Perhaps you could try changing key, timbre, and/or register more dramatically when Dumbledore makes the water sphere and engulfs Voldemort?  Also, at 0:52 with Voldemort breaking out and causing the glass explosion, I would definitely reflect that moment as an explosion in the music.  I like the celesta sound after the glass starts shattering.  One thing you could also try is something with high string harmonics, possibly something like descending artificial harmonic glissandos, natural harmonic glissandos throughout the strings, harmonic pizzicatos (natural works better for that), or something else– these are just suggestions!  You could also try combining things like these harmonic ideas with something like high piano, glockenspiel, or crotales.  Just some ideas– I think something like this would provide contrast and work nicely with the shattering glass sounds.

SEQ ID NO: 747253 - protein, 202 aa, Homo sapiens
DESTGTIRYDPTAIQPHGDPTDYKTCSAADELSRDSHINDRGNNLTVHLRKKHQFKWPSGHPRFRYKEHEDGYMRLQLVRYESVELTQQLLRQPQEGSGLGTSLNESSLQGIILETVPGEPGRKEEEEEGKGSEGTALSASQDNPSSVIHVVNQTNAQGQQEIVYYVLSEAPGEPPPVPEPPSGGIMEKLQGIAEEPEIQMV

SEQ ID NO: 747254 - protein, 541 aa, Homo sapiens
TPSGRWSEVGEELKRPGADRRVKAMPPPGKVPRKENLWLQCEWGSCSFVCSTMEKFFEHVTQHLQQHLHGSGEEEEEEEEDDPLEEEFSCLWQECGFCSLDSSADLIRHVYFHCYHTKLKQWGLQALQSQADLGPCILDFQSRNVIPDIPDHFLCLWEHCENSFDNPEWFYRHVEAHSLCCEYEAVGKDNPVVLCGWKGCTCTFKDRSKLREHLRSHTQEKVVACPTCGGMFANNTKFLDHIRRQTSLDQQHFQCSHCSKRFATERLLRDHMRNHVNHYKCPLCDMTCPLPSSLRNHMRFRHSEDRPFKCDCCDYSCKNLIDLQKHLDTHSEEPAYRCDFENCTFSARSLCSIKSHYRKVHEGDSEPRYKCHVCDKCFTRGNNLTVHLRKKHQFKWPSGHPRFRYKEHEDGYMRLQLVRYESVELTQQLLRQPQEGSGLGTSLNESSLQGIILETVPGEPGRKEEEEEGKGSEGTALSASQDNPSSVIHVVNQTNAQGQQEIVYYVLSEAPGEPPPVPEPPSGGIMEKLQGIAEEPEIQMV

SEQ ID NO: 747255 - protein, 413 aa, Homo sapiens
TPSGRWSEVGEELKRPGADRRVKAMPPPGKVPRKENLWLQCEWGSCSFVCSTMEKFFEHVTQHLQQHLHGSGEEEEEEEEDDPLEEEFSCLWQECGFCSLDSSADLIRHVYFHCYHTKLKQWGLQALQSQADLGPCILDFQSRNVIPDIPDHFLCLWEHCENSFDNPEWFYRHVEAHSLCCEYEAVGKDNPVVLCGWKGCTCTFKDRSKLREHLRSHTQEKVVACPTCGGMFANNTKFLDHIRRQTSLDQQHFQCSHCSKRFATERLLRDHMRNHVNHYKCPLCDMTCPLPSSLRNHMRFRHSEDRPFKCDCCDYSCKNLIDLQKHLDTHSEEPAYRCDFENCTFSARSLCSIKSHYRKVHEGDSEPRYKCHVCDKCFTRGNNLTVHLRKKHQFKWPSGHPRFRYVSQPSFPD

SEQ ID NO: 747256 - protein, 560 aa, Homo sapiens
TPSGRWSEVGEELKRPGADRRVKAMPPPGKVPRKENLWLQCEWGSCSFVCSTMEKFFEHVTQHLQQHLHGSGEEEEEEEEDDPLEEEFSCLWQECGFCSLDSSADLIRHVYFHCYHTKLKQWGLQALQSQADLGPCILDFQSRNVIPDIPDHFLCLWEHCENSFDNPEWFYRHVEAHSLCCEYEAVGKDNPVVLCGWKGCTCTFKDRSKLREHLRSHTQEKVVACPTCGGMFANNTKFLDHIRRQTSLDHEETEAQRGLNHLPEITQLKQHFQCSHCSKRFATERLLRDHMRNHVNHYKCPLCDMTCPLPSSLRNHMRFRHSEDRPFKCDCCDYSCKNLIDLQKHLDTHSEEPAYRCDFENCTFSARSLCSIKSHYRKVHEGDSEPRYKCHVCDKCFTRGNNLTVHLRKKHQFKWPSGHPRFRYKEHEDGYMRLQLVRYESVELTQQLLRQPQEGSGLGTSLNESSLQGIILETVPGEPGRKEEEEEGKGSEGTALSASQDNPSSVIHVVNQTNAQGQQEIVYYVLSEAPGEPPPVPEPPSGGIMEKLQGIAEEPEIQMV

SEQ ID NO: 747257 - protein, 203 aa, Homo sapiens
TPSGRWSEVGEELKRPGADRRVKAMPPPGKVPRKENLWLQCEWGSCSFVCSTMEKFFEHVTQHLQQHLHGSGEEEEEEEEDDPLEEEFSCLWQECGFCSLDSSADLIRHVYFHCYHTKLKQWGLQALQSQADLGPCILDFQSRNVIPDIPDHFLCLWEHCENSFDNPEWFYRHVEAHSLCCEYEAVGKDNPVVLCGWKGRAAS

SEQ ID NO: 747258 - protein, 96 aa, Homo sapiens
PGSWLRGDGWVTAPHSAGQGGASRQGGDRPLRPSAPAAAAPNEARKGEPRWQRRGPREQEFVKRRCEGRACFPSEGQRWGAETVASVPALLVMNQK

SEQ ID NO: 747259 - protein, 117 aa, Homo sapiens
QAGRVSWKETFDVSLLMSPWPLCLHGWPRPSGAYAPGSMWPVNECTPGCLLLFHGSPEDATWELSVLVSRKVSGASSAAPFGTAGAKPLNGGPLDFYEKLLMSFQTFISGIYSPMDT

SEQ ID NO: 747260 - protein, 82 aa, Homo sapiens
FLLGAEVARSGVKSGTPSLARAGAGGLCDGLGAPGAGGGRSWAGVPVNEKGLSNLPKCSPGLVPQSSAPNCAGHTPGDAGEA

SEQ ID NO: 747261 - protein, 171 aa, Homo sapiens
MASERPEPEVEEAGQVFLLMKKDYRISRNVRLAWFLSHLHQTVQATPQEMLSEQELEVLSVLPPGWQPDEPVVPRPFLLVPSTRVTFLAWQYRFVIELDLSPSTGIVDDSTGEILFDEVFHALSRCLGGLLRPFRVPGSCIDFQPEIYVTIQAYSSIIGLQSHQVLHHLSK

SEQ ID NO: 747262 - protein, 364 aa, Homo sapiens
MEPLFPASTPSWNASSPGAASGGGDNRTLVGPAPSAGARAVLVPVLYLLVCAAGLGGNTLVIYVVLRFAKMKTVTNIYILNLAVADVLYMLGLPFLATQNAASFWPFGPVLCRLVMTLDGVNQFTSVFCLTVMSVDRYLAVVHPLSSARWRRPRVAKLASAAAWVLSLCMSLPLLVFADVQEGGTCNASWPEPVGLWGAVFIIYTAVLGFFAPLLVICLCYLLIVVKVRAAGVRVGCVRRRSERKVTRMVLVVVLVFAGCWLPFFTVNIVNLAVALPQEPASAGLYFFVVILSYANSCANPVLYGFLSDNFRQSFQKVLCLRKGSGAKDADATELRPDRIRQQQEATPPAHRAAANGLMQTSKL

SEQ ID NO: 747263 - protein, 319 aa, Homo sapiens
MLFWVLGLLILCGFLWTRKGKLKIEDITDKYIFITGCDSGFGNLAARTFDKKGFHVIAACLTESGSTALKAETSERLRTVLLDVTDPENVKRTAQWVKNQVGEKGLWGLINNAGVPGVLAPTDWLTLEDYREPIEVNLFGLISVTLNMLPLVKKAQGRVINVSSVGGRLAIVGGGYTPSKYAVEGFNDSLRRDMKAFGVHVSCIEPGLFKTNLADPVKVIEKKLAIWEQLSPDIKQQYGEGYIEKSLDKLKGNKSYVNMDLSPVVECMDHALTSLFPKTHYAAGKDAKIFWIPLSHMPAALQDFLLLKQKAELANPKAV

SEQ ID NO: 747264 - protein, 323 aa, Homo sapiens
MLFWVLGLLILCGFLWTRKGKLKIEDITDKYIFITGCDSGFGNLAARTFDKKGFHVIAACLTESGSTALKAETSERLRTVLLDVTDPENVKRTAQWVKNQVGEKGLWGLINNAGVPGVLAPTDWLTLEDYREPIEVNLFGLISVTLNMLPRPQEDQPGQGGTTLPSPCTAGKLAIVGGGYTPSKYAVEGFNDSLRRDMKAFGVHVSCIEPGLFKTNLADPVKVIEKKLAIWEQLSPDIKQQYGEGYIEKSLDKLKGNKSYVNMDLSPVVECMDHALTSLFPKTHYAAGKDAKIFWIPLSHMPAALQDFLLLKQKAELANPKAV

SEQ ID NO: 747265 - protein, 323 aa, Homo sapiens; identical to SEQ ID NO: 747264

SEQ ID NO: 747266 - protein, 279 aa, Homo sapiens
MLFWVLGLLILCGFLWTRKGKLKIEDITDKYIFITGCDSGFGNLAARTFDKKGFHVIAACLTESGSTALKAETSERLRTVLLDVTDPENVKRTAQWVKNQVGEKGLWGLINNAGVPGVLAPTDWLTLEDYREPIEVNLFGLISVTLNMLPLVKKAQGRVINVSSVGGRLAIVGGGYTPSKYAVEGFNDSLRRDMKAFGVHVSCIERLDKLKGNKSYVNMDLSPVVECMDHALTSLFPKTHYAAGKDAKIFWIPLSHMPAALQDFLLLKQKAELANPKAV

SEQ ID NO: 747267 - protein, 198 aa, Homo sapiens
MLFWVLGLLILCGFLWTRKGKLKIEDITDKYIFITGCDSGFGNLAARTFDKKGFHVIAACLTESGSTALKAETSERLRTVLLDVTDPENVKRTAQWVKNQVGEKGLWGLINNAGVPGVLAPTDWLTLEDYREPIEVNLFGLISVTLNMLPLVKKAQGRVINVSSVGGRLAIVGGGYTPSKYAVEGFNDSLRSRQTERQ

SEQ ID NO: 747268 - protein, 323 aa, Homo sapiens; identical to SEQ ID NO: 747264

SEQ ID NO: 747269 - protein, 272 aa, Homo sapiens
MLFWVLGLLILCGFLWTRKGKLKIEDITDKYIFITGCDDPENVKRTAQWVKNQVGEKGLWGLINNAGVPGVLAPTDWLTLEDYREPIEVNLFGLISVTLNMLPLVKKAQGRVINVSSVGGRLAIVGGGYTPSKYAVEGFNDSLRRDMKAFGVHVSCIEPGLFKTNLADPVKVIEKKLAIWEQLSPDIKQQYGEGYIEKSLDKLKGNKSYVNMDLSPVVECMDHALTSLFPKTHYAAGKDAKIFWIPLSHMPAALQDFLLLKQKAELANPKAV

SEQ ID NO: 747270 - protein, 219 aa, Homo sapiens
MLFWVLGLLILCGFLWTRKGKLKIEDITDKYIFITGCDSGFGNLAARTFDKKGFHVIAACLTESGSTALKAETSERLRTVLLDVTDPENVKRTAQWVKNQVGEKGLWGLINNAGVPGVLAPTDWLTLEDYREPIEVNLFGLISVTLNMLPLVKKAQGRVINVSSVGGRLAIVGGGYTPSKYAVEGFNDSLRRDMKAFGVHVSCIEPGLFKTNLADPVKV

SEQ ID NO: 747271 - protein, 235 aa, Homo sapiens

I know you haven't scored after that, but a couple of string harmonics combined with a low pedal string tone or low pedal in the brass (with something like a practice mute) could be really effective for the section after, with the fine glass settling as Voldemort disappears.  Some air sounds in brass could be nice too, potentially, but that's a place you wouldn't want to overscore.  

Anyway, these are just some thoughts that I had while listening and I hope they're helpful.  

Thanks a lot, Lara. I basically agree with all your suggestions for additional colours and techniques, especially since you often use them so fluently yourself. Not all of these would have occurred to me, but the truth is that writing for performance is easier than achieving the same thing in midi and I got lazy (writing a flute trill is the work of a moment, flute trill in midi requires keyswitches and automation etc). And things that would sound great live sound weak, and so I don't write them. String tremoloes at least were definitely a consideration, but I didn't get round to it. These are my excuses.